FOR IMMEDIATE RELEASE: July 13, 2015
Mayor’s Office of Sustainability Reminds Commercial Building Owners to Meet July Benchmarking Deadline
Building owners must submit energy use data through Energy Star Portfolio Manager by July 20
ATLANTA – The Mayor’s Office of Sustainability reminds commercial building owners to meet the upcoming energy benchmarking data submission deadline of Monday, July 20.
Passed in April, the Commercial Buildings Energy Efficiency Ordinance (15-O-1101) requires private and City-owned buildings over 50,000 square feet in size to benchmark and report their energy use annually to the City of Atlanta.
Utilizing the data collected, building owners will complete an energy audit once every 10 years. An energy audit is a detailed assessment of how a building could improve its performance through upgrading its equipment and systems. In addition, building performance data collected under the benchmarking initiative will be made transparent to the public to allow the market to recognize, reward, and drive increased demand for high-performing buildings and to focus programmatic efforts.
“Atlanta’s commercial buildings are leading the way for energy and water conservation. With this new ordinance, we have added a vital tool to the toolbox which will enable both privately and publicly-owned buildings to continue their strong track record of conservation,” said Stephanie Stuckey-Benfield, Director of the Mayor’s Office of Sustainability for the City of Atlanta. “We anticipate that benchmarking will spur the creation of jobs in energy efficiency and will cut carbon emissions from building operations.”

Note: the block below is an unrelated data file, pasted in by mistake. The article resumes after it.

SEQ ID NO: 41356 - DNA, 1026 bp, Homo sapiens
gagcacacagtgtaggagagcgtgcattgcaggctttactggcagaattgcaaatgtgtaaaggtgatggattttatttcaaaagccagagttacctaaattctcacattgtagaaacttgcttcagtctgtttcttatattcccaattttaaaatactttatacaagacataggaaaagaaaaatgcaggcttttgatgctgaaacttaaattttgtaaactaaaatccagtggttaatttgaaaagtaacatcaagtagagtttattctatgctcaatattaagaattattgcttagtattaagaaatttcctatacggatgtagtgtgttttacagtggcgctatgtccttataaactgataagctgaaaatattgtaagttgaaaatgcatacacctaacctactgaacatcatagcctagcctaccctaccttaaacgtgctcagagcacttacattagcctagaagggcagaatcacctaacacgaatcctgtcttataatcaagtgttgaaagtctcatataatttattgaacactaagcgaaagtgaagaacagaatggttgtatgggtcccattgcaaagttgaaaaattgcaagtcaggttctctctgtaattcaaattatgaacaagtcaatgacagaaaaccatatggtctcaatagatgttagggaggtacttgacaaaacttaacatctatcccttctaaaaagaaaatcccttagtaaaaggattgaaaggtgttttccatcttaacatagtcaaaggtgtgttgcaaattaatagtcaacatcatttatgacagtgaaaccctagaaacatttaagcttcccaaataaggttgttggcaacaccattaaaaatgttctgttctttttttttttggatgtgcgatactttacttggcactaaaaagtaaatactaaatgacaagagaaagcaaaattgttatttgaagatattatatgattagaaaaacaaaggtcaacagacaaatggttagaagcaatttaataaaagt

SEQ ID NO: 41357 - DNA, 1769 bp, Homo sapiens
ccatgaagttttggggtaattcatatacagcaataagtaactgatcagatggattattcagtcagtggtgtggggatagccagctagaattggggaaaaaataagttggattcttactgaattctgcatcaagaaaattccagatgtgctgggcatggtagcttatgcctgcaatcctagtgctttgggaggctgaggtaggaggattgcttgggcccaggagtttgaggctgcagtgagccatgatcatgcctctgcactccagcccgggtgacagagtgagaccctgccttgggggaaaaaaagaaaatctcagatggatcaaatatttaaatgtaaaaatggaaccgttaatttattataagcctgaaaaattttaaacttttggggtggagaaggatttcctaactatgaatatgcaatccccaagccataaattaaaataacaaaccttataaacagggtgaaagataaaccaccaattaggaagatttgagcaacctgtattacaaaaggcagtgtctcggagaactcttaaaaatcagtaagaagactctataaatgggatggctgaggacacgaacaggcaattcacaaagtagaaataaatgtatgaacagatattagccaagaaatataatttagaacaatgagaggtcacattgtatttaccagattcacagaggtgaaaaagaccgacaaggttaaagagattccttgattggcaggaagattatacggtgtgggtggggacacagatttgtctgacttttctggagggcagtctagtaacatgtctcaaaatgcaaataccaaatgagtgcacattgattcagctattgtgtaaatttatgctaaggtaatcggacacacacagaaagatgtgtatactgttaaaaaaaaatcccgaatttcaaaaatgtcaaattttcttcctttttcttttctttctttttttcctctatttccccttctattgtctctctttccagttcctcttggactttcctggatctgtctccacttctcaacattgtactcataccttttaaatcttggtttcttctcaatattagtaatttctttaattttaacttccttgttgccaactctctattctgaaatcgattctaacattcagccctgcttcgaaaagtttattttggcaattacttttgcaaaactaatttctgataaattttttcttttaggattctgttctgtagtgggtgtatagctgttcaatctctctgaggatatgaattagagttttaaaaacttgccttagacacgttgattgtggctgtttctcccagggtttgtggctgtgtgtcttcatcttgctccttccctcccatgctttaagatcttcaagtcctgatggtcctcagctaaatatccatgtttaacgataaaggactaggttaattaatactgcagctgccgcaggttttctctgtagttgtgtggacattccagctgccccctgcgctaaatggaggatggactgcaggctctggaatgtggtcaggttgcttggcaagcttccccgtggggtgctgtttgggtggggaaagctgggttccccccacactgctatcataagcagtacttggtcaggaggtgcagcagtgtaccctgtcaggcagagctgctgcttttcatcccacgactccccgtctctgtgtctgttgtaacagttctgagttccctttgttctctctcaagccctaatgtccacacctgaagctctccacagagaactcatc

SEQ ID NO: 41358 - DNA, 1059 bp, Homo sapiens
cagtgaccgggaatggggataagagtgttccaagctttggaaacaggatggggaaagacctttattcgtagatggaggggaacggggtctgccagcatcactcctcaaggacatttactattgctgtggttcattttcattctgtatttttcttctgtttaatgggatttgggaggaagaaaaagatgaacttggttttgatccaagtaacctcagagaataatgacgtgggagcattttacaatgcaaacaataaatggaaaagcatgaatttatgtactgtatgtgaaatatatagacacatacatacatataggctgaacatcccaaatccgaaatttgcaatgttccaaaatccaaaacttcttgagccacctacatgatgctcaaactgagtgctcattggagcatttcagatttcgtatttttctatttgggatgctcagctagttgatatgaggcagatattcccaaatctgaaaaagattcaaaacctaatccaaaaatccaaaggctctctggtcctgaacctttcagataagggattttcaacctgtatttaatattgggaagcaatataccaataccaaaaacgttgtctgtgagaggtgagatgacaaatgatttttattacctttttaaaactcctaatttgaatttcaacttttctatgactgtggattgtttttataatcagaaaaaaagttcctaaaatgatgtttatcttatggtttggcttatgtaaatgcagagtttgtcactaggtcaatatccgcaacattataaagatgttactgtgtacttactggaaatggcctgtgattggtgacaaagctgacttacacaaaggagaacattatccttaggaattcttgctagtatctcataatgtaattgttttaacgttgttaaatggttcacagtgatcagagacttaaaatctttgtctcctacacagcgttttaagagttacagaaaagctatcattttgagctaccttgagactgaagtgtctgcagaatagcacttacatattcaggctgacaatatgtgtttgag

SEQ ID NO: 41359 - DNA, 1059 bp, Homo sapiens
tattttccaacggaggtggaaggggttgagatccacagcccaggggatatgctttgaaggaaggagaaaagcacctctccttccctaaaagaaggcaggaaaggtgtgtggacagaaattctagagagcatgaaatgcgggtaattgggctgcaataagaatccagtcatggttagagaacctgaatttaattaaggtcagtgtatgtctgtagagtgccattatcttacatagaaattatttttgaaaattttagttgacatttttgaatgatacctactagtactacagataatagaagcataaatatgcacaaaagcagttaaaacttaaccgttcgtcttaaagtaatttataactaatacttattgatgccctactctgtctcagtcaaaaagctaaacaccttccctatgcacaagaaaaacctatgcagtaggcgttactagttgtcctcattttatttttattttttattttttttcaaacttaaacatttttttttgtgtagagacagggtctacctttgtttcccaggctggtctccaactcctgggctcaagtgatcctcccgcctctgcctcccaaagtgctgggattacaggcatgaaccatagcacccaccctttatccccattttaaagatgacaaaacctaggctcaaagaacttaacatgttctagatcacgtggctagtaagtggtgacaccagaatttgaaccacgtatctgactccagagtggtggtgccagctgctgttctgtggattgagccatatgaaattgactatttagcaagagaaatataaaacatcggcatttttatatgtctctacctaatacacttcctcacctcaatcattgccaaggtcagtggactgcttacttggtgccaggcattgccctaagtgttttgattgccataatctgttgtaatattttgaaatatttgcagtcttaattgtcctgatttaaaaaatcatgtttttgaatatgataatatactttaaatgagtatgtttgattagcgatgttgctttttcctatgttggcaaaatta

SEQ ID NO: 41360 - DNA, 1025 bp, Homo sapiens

Building representatives can determine if a property is required to benchmark this year by visiting www.atlantabuildingefficiency.com and clicking on the “How to Comply” tab. Failure to comply with this year’s benchmarking submission requirement will result in a fine of $1,000 per property.
All covered properties were issued notification letters that included assistance resources and the upcoming deadline this past June. Since the ordinance’s adoption, more than 270 building professionals have been trained on the new law.
The Mayor’s Office of Sustainability has created a number of online and in-person resources in addition to the building efficiency website, including a live help desk operated by Southface and a free Energy Star Portfolio Manager training series hosted by the Building Owners and Managers Association (BOMA) of Georgia and Southface.
The Southface Helpdesk offers support via one-on-one consultation to owners and operators needing assistance with benchmarking. The Helpdesk can be reached at (404) 604-3665, or by email at firstname.lastname@example.org.
About the City of Atlanta Mayor’s Office of Sustainability:
The Mayor’s Office of Sustainability is focused on embedding sustainability best practices into Atlanta city government and across the community. For more information about Atlanta’s efforts to create a more sustainable city, please visit the Office of Sustainability’s page at http://p2catl.com. Follow the Office of Sustainability on Facebook and Twitter @ATLSustainable.